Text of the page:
As such, this eliminates the use of sand taken from the beach. Such sand has high levels of waste and dirt, which can fatally damage the gerbil with skin problems. Builder’s sand is also not appropriate, considering there are additives present and coarse enough to damage your gerbils.
However, it’s fortunate that there are commercial options available to use as gerbil sand. In most cases, these alternatives can include a good number of pet sand available from pet stores or retailers.
The Kaytee Chinchilla bath sand is among the best-recommended gerbil sand beddings even though it’s for chinchillas. Another option can be the reptile sand for gerbils, which comes as the Zoo Med Reptisand brand. It’s a desert white fine sand made for desert reptile species but also working great for gerbils.
On the flip side, you can also try out using original children’s play sand from the sandboxes. The sand is often held to a high standard to prevent any potential harm to kids, meaning it would work great for gerbils in their cages. However, take note to avoid dyed sand since it may have harmful chemicals that can react with your gerbil’s fur.
The dangers of dyed sand are not the sole precautions to watch with your gerbil’s sand bath. There is a danger of using calcium sand, which can cause a respiratory upset in small pets such as gerbils. Besides, gerbils tend to think that calcium sand tastes great, which can have gerbils eating bathing sand a lot. The results can see your gerbil fatally develop health problems such as with the bladder and kidney.
How to Clean and Change Gerbils sand Bath
Despite your best efforts, a gerbil’s sand bath will get dirt and poop overtime. While you have the option of throwing the whole sandlot out, it’s best to learn how to handle the sterilization, cleaning, and changing the sand bath.
The first step remains to have the gerbil’s sand bath go through sterilization even before use. That is necessary since there is little chance of knowing what exactly is safe to use. Even the pet sand or sand from children’s sandboxes can present a danger to your gerbil, and you can never be too careful.
The sterilization takes place even before the setup is brought up. It’s essential not to skip this step since it kills any bugs or bacteria present in the sand bath. For the gerbil sand bedding to undergo sterilization, the steps include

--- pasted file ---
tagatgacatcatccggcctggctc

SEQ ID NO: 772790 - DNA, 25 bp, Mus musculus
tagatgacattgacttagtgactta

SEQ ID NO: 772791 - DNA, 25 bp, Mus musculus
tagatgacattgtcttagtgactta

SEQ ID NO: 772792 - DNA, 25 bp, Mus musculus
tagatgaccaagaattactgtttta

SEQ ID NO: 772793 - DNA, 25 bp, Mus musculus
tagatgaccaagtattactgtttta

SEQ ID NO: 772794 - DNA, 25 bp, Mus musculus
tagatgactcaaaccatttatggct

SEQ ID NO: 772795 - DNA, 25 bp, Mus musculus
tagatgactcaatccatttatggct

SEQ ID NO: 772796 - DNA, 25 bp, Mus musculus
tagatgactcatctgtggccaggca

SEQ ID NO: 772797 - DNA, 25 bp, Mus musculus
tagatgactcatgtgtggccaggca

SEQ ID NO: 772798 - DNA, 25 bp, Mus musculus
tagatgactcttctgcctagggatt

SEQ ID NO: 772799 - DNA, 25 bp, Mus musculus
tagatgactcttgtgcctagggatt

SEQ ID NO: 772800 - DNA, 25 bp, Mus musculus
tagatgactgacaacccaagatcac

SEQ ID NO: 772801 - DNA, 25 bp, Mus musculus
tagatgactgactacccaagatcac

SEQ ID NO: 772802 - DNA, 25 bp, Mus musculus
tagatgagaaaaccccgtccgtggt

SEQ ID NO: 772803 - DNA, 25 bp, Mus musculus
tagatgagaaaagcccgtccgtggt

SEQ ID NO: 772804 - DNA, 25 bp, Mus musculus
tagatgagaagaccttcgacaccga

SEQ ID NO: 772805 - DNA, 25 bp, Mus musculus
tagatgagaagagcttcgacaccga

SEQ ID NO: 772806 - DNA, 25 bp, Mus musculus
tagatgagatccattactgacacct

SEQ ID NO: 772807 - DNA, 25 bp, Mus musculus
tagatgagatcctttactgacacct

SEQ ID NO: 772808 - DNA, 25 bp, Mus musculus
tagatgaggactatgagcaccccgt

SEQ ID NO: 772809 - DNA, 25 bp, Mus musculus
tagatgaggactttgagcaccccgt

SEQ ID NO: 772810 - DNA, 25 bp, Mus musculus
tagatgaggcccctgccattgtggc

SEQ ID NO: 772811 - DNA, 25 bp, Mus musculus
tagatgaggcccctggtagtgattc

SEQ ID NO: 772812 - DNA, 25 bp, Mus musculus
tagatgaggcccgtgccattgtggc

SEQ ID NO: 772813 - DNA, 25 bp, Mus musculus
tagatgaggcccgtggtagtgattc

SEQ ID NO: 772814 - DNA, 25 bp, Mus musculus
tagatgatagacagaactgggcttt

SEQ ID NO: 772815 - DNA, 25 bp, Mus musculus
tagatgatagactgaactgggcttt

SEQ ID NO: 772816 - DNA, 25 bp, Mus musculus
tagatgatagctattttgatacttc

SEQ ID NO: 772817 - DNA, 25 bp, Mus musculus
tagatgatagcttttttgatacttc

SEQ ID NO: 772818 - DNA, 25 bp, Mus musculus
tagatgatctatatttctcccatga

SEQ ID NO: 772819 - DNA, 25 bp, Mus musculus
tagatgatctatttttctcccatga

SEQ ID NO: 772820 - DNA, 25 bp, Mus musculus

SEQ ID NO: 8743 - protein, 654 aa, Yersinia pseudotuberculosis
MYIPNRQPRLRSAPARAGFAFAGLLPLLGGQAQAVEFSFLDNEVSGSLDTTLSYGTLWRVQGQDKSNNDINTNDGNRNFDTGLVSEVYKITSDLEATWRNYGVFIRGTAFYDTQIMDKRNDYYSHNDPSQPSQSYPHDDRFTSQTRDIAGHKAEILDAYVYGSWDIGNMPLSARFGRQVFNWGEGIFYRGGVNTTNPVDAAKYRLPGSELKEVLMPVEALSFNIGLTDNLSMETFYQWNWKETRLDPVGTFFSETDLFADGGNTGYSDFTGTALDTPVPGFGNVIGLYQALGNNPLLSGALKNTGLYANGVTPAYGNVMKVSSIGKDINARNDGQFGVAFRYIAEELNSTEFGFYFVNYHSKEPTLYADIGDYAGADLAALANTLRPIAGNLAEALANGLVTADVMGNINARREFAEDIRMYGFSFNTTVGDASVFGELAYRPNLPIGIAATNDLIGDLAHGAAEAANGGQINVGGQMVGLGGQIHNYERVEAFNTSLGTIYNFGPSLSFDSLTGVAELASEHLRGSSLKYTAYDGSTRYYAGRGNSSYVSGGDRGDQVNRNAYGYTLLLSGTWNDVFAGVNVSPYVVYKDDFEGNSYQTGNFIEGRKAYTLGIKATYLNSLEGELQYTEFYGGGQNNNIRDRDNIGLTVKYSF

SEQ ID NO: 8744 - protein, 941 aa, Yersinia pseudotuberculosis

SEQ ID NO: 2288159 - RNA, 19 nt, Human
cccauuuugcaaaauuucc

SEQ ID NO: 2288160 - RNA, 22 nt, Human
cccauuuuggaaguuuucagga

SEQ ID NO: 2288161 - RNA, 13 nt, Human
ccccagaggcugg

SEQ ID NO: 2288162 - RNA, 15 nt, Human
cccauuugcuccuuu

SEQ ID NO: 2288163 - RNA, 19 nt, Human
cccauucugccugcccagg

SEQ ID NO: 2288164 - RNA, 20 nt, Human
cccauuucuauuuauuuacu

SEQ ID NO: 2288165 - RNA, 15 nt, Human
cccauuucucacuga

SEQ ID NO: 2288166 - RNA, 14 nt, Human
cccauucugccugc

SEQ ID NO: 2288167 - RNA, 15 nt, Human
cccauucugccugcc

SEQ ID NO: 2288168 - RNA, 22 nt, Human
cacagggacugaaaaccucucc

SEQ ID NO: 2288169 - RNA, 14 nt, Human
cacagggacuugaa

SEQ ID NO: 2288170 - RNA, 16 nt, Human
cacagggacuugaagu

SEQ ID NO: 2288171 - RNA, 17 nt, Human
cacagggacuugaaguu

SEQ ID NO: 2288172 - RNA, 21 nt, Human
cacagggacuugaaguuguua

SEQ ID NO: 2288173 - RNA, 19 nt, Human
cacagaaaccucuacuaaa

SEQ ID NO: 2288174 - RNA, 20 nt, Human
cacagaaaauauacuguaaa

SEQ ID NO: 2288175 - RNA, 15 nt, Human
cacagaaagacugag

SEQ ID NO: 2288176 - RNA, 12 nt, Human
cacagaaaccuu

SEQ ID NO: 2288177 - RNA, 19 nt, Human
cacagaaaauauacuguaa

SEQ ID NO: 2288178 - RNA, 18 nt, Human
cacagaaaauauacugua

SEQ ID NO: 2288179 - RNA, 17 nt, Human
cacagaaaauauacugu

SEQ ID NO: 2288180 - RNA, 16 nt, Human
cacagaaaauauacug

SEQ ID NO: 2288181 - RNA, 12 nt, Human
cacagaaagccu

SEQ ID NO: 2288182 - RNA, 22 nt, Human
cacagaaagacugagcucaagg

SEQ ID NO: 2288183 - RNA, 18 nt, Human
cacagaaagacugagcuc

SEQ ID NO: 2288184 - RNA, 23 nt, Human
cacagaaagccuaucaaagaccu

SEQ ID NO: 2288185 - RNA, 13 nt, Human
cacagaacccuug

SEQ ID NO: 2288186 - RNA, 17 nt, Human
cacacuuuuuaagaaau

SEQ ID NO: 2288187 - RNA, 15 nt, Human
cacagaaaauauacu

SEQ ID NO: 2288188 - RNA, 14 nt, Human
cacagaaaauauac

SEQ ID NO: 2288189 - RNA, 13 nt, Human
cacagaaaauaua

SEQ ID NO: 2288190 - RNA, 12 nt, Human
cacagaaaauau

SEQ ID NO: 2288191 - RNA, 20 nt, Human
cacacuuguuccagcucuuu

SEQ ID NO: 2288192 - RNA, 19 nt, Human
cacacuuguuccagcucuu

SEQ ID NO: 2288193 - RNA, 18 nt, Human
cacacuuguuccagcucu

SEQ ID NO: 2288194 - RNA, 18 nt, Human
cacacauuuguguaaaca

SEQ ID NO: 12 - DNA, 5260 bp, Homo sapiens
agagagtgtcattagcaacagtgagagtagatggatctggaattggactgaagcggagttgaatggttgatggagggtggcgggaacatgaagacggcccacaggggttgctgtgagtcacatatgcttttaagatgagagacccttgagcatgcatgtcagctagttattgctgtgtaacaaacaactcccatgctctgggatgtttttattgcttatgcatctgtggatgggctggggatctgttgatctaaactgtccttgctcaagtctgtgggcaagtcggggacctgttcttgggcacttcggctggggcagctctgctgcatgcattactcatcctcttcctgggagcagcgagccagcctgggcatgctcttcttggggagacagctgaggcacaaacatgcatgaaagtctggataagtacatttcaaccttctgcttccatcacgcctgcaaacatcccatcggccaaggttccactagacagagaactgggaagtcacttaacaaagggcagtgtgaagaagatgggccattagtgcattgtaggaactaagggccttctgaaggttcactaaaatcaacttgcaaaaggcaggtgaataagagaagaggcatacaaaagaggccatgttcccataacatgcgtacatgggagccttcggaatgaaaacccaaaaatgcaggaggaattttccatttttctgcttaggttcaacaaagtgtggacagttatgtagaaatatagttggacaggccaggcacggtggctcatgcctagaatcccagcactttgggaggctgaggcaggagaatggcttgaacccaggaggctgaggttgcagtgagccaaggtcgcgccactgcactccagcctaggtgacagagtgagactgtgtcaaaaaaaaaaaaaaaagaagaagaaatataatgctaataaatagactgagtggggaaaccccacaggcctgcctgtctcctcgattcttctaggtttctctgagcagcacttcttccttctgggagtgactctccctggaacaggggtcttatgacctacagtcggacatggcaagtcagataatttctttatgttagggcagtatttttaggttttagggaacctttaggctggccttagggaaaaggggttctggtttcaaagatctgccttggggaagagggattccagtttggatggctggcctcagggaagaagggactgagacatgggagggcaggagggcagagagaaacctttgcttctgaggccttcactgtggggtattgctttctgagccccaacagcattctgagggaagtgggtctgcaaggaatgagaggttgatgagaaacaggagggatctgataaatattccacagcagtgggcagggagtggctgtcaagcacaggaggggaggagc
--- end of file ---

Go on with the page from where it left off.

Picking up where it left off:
- Get the pet or play sand inside a large bowl.
- Heat a sizeable amount of water till boiling point and pour into the sand.
- Let the hot mixture sit for 5-10 minutes. Stir to loosen any dirt present, then drain the water.
- Get the sand and spread it on a baking sheet.
- Bake the sand in a thin layer at 180 degrees Fahrenheit. Scoop and turn the sand till completely dry for around 30 minutes
- Get the sand to cool completely, then pour into your gerbil’s sand bath.
After a while, gerbils will accumulate poop in their sand baths alongside the typical dirt, fur, and debris from their cages. Here, a dirty sand bath won’t do you or the gerbil any good, and it’s best to lean it before things get out of hand. On matters cleaning, the simple steps ran through the following;
- Get a separate container and pour the sand.
- Clean and wash the bath container with warm water and a mild disinfectant, safe enough to use even on food areas.
- Rinse and dry out the bath container to remove any disinfectant traces. You can pick an air-blow or use a lint-free towel for the drying.
- Use a sieve or fine-mesh strainer to filter the sand. Get a separate container to discard any dirt or debris from the sand.
- Get a storage container and place the sieved sand for use next time your gerbil needs a sand bath.
- Repeat this at least once a week or whenever you feel the gerbil’s sand bath is dirty enough.
By now, you can tell sand is an essential part of a gerbil’s lifestyle. For this reason, it’s best to have your gerbil sand bath facts at your fingertips. Hopefully, our in-depth read gives you the front foot on the laydown of gerbil sand baths.